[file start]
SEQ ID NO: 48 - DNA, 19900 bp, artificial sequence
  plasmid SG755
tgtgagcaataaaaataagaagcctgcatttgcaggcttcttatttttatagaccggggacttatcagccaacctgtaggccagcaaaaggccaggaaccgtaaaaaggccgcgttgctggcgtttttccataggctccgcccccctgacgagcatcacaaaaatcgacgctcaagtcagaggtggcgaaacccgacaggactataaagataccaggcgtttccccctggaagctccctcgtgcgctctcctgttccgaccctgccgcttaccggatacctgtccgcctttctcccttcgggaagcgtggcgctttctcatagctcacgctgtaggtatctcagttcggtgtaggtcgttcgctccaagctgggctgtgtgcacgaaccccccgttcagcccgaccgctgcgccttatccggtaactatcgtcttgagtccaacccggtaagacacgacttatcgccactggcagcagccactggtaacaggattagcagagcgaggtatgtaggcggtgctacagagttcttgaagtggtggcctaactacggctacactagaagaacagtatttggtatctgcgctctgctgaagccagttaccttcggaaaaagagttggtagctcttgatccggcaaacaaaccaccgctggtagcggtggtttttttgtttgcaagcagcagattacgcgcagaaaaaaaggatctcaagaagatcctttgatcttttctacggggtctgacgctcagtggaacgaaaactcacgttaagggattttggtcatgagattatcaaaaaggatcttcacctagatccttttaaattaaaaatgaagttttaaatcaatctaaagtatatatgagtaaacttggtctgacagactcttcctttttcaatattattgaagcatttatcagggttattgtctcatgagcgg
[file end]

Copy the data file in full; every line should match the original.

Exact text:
SEQ ID NO: 48 - DNA, 19900 bp, artificial sequence
  plasmid SG755
tgtgagcaataaaaataagaagcctgcatttgcaggcttcttatttttatagaccggggacttatcagccaacctgtaggccagcaaaaggccaggaaccgtaaaaaggccgcgttgctggcgtttttccataggctccgcccccctgacgagcatcacaaaaatcgacgctcaagtcagaggtggcgaaacccgacaggactataaagataccaggcgtttccccctggaagctccctcgtgcgctctcctgttccgaccctgccgcttaccggatacctgtccgcctttctcccttcgggaagcgtggcgctttctcatagctcacgctgtaggtatctcagttcggtgtaggtcgttcgctccaagctgggctgtgtgcacgaaccccccgttcagcccgaccgctgcgccttatccggtaactatcgtcttgagtccaacccggtaagacacgacttatcgccactggcagcagccactggtaacaggattagcagagcgaggtatgtaggcggtgctacagagttcttgaagtggtggcctaactacggctacactagaagaacagtatttggtatctgcgctctgctgaagccagttaccttcggaaaaagagttggtagctcttgatccggcaaacaaaccaccgctggtagcggtggtttttttgtttgcaagcagcagattacgcgcagaaaaaaaggatctcaagaagatcctttgatcttttctacggggtctgacgctcagtggaacgaaaactcacgttaagggattttggtcatgagattatcaaaaaggatcttcacctagatccttttaaattaaaaatgaagttttaaatcaatctaaagtatatatgagtaaacttggtctgacagactcttcctttttcaatattattgaagcatttatcagggttattgtctcatgagcgg